National Dog Warden Association (NDWA)
1984 - 2019


Fri, 21 Mar 2014

As a programme about dogs, there was going to be a positive side as well as a negative side to 'Dangerous Dogs' part one on ITV and it certainly achieved it's aim as a discussion tool. Twitter, Facebook, e-mails and telephone calls have all been awash with comments about irresponsible dog owners and also about Dog Wardens who appeared to lack knowledge and skills.

A fire storm of complaints to NDWA about Dog Wardens needing adequate training as well as qualifications to carry out the role have arrived at NDWA Central overnight and we are working through them as quickly as we can.

Although we are an association of Dog Wardens in all their manifest job titles, we do not actually employ any Dog Wardens as they are employed by Local Authorities or by contractors working on behalf of the said Local Authorities. One major area where NDWA stands out and there is archival evidence of this is our call for all staff employed to handle dogs to be adequately trained and equipped to carry out their work, safely, competently and professionally. Unfortunately this call has to some extent been ignored by employers be it for personal protective equipment right through to dog control equipment and even unfit for purpose dog carrying vehicles being used to carry dogs.

NDWA worked for years with various organisations to produce a recognised qualification for those working in dog control and came close on several occasions to having a recognised qualification introduced but there always seemed to be an obstacle to implementation and nothing came from such avenues.

Now however after collaboration between NDWA and The Kennel Club there is now an accredited City and Guilds Level 4 qualification available for Dog Wardens in the shape of the Kennel Club Accredited Instructor Scheme. There is now a module specifically for those working in dog control. As Local Authorities are the main employers of Dog Wardens and they set the requirements of the Job Deion for dog control based roles perhaps they should now be asking for those wanting to work with dogs to have an appropriate recognised qualification.

The true role of Dog Warden is a very responsible one but unfortunately over the years it has been watered down due to financial reasons and the multi tasking of the role sometimes to the detriment of the ability of the Dog Warden Service to do little but act as a dog collection service whilst doing other non dog related tasks as the primary role.

The lack of promotion of responsible dog ownership was blatantly clear in the programme, once this was a major part of the local Dog Wardens role, but lack of staff, a lack of will on the part of a council to allocate funding for educational activities or to provide a full service all contribute to low level responsible dog ownership around the country.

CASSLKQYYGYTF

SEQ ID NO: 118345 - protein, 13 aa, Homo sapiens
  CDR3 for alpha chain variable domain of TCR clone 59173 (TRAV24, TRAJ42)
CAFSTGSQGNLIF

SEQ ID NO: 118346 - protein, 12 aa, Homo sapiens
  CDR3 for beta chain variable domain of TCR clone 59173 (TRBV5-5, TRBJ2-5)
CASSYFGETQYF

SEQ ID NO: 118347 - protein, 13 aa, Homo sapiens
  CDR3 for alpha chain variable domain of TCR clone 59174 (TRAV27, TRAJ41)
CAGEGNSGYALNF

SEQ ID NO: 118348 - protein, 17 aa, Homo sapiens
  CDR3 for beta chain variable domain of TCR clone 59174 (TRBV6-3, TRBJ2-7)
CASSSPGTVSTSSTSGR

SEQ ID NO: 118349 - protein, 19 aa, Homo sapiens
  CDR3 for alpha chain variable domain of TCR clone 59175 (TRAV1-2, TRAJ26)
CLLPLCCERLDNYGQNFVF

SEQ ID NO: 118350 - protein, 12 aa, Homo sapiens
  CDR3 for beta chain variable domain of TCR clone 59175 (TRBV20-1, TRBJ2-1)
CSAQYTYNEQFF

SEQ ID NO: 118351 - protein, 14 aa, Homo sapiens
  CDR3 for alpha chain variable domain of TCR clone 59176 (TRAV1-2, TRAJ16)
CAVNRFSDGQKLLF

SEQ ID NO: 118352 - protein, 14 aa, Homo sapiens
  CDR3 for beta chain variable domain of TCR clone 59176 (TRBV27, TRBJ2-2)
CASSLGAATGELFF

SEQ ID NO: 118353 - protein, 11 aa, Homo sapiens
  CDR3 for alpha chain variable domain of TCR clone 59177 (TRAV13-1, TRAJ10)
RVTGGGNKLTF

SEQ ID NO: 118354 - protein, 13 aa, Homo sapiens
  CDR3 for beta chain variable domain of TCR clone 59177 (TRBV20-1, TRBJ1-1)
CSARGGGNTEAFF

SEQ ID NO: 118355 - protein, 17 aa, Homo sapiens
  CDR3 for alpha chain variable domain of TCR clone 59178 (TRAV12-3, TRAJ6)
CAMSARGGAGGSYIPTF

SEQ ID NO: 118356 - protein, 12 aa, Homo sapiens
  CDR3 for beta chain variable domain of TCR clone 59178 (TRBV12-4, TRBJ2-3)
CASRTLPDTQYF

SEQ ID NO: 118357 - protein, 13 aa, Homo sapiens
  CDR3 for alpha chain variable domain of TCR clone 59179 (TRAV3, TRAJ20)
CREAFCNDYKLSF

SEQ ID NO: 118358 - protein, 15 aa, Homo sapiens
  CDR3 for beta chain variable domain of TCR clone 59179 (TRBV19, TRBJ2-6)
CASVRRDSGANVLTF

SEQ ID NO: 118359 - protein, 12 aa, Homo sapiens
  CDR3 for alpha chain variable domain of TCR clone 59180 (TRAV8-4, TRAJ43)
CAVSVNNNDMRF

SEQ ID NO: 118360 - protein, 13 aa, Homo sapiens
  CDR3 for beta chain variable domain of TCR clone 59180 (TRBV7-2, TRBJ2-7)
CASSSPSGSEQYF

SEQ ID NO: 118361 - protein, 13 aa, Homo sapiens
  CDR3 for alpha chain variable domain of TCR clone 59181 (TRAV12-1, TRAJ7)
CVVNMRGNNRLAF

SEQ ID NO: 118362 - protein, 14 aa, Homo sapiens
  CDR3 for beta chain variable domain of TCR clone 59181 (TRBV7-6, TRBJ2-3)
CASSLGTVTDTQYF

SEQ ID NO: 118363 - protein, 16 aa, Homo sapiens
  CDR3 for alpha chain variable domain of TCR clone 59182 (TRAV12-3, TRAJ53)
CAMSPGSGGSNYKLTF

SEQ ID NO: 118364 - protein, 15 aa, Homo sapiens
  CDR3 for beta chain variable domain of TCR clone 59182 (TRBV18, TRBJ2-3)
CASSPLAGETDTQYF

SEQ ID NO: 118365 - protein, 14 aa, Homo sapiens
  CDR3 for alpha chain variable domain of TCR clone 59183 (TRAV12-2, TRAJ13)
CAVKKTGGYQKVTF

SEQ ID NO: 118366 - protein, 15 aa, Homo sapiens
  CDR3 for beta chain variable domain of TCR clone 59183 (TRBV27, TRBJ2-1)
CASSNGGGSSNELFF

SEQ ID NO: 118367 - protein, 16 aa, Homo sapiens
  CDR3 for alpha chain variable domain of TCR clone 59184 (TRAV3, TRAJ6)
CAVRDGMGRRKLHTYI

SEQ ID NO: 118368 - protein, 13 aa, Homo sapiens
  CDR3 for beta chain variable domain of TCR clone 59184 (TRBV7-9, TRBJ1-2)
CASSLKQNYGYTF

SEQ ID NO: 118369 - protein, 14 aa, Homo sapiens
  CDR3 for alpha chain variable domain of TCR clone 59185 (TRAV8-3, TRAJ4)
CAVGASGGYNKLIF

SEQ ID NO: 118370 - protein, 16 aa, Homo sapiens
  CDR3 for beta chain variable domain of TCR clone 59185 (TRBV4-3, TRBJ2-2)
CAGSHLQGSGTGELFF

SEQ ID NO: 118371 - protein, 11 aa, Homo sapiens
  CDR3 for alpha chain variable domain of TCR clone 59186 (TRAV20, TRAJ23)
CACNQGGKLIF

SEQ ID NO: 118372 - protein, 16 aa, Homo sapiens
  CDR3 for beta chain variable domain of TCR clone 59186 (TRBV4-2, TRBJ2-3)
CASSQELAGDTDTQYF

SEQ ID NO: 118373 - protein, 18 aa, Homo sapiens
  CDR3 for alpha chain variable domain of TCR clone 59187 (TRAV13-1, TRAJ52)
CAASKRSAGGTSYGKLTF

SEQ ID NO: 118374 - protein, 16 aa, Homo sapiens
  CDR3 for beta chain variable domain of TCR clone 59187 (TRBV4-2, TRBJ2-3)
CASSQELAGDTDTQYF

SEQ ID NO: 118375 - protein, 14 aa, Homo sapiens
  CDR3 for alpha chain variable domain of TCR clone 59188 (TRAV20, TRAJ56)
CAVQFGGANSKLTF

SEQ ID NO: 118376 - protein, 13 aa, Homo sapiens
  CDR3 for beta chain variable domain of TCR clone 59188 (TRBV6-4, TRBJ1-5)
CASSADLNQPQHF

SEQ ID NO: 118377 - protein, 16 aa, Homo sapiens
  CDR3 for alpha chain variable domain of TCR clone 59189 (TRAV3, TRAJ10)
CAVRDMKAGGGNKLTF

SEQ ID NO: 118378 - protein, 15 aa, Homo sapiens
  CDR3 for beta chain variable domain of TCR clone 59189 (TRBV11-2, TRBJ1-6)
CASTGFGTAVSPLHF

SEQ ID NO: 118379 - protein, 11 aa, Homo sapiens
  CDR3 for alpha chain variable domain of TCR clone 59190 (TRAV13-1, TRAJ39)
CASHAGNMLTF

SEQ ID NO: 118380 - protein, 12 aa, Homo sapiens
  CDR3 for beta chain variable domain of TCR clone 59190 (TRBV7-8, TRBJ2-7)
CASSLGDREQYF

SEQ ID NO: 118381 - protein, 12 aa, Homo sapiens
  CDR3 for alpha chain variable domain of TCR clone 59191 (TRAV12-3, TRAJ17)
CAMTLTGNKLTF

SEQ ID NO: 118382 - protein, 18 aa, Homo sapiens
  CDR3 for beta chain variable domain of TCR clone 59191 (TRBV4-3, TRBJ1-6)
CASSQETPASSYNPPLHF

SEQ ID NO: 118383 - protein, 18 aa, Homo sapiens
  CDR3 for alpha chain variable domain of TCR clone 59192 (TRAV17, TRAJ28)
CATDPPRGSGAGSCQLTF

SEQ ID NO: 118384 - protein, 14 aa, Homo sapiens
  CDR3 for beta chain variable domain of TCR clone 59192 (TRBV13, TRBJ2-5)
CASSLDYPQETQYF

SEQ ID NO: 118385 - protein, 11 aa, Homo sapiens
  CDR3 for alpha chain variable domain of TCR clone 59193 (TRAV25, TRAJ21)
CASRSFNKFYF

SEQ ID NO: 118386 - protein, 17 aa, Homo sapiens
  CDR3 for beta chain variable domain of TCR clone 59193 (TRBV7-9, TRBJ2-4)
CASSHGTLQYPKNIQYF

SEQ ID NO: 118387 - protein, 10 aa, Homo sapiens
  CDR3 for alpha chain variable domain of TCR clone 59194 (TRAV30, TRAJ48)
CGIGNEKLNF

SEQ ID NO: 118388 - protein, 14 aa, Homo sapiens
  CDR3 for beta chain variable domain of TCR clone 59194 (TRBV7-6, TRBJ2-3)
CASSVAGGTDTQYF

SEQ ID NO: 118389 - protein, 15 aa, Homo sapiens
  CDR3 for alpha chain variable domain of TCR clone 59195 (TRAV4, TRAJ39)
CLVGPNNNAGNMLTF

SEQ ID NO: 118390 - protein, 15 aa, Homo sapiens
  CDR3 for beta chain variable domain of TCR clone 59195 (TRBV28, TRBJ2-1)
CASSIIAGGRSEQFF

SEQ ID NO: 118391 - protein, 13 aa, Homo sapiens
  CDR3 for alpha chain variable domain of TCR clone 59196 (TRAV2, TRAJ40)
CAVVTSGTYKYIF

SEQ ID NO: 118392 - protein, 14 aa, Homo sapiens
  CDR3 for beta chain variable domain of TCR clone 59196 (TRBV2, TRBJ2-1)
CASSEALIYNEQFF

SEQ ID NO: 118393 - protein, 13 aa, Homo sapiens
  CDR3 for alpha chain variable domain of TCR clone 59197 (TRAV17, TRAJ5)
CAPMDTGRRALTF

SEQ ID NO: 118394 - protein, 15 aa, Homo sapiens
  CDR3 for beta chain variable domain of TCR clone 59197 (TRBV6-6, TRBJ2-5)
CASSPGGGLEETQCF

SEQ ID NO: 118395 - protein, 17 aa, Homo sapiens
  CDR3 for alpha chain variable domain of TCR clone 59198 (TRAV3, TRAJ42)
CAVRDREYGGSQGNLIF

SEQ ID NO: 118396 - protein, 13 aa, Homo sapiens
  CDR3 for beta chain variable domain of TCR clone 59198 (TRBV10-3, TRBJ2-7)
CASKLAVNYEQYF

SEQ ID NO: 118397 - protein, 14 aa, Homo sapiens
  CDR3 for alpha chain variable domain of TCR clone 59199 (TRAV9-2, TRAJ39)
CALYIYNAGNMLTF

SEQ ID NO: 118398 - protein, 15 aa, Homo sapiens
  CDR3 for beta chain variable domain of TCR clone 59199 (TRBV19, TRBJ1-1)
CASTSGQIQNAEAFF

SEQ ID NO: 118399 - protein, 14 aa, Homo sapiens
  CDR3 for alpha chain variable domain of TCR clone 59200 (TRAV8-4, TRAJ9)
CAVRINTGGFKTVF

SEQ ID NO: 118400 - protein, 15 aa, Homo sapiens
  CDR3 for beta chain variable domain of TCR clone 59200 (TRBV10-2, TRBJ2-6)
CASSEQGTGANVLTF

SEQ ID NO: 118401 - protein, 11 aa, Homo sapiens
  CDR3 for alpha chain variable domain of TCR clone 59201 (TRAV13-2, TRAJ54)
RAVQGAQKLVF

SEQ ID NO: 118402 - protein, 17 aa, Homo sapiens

The government of the day are content to do nothing and this trickles down to local government who in turn will simply say they do not have funding to do anything and there is also no compulsion by the government to make local councils do something.

Another area of concern was the poor use of restraint equipment in the programme, what the viewer in the street might be unaware of is the fact that some restraint equipment may never have been used by a Dog Warden or they have not received correct training on how to use it. That is a health and safety issue that the employers have to face especially when they are faced with an injured Dog Warden who may only have been shown where the kennels are and what the extent of the council area is and then been left to get on with it.

Another aspect of the programme was to show irresponsible dog ownership and this it did in buckets. One neglect case resulted in a written warning being issued to an irresponsible dog owner, why was the owner not prosecuted as the dog certainly looked extremely neglected? Was this due to council finances or due to the council being overwhelmed by such cases? If the council will not prosecute why then was the case not passed to the RSPCA or was it?

The programme indeed depicted some of the issues faced by Dog Wardens in the UK namely a lack of resources and appropriate qualifications until the advent of the KCAI Dog Warden Module

NDWA called for a National Task Force to deal with dangerous dog owners back in December 2013 as the latest call on the government to do something about the increase in fatal and non-fatal dog attacks on children and adults but NDWA does not hold out much hope of anything coming from such a call.

The government currently has the Anti Social Behaviour Act 2014 to inflict upon the country as another piece of legislation created to confuse and to confound the people who are expected to enforce it. Even those responsible for overseeing this new tranche of dog related legislation are now at the Home Office instead of at DEFRA, will they have any better idea of how to deal with irresponsible dog ownership?

The way forward regarding improving responsible dog ownership is the political backing of local authorities with support and funding to bring back full Dog Warden Services that are based upon competently trained and qualified Dog Wardens.

There used to be Assistant and Senior Dog Warden positions which enabled progression of a structured career, it is surely time to reintroduce such positions to enable continuity of service delivery and skills and knowledge.

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